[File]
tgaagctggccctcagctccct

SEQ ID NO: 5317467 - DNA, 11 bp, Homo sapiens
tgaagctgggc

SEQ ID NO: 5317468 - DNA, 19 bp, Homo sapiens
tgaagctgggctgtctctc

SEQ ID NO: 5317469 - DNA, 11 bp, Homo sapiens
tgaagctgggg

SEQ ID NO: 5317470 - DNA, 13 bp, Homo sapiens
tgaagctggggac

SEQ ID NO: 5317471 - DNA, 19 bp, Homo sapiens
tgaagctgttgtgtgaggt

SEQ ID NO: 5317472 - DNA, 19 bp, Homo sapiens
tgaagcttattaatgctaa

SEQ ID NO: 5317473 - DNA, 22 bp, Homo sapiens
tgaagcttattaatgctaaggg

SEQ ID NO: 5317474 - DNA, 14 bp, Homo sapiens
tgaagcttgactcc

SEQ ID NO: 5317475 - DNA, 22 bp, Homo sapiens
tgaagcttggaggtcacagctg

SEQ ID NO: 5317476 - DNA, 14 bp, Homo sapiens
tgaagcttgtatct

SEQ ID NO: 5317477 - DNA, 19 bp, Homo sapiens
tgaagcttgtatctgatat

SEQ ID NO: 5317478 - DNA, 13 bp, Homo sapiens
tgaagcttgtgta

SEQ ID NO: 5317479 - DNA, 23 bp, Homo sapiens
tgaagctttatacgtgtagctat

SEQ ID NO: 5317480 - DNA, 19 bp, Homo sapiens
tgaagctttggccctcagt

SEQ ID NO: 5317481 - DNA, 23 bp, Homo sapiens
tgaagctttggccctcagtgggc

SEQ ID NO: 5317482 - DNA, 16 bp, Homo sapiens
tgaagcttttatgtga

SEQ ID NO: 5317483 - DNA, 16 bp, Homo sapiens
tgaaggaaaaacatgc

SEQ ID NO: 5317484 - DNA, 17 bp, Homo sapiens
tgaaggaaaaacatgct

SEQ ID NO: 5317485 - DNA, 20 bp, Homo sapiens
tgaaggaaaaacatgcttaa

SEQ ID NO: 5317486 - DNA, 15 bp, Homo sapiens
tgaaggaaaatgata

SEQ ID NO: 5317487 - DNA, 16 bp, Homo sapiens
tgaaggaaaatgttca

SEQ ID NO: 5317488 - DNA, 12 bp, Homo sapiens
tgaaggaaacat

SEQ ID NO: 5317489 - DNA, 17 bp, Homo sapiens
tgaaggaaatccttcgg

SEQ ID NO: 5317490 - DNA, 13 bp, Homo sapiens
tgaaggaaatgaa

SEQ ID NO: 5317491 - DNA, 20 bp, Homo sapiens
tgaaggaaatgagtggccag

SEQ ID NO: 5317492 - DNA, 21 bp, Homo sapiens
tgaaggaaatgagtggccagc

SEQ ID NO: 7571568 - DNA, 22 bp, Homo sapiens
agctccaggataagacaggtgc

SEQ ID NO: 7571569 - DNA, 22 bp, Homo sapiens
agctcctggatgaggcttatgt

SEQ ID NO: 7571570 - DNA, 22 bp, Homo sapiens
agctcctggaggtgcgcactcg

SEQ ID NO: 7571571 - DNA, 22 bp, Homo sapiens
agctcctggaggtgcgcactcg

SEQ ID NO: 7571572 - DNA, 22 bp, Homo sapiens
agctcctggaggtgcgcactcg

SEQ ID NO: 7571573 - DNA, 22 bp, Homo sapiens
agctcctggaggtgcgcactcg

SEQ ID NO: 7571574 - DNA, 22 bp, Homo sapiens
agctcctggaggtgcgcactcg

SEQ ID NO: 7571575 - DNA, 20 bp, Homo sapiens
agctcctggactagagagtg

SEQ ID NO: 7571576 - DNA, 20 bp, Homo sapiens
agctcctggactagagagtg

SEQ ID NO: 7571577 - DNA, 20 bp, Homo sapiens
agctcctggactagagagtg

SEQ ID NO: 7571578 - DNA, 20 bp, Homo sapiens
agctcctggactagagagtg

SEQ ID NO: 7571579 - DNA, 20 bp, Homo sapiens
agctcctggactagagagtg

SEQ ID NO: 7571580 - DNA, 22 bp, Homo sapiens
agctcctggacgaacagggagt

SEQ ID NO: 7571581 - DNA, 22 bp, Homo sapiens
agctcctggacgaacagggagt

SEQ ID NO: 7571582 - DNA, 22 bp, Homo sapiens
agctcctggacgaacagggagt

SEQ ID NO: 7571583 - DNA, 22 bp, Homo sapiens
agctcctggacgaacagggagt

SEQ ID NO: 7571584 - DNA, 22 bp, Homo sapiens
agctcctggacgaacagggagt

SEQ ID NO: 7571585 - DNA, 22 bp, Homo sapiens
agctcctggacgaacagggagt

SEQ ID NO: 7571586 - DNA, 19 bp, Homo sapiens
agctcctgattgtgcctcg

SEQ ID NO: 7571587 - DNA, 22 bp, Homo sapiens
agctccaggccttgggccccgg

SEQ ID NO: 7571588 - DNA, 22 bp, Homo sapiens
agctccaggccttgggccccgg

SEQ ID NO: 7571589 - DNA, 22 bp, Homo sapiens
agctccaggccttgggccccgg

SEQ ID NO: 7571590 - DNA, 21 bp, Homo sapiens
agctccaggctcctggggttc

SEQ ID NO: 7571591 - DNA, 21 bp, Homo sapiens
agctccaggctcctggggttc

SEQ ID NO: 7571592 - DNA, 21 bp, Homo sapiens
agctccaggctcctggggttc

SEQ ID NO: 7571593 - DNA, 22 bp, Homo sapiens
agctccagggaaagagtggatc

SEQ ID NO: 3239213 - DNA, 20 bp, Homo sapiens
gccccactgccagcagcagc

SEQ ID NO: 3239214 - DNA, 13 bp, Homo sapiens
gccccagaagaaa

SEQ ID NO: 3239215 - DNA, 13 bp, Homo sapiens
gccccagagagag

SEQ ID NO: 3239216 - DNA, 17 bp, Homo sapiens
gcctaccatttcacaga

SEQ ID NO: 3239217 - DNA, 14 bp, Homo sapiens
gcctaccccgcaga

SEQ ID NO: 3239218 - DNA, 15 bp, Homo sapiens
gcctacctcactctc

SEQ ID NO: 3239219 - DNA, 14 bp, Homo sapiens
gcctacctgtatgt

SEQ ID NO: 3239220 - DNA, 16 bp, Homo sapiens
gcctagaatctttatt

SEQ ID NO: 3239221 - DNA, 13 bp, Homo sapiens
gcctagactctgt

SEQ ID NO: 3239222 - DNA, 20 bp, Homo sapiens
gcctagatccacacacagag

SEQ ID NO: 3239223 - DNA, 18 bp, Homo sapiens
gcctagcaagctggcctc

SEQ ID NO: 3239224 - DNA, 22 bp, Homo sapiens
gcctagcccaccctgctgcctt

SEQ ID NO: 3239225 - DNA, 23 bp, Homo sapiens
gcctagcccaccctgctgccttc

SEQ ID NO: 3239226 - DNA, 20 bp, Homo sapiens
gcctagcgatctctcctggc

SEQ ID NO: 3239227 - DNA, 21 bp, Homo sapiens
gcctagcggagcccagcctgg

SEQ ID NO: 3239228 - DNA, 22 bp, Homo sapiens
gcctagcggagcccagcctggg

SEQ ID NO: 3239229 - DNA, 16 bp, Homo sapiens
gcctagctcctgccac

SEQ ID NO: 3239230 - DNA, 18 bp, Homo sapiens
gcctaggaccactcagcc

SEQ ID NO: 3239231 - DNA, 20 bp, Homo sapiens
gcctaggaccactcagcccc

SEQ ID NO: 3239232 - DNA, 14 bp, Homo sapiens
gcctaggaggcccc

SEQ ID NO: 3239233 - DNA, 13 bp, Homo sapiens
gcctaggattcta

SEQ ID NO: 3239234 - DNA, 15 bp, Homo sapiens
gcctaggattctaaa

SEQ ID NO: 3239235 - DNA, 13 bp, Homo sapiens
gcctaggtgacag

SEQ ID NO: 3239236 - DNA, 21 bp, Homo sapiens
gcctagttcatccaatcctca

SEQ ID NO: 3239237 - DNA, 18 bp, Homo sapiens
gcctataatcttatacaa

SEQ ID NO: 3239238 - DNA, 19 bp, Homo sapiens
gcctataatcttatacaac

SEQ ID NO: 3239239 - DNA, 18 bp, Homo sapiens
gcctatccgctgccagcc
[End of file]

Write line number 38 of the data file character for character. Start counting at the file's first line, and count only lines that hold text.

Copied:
SEQ ID NO: 5317485 - DNA, 20 bp, Homo sapiens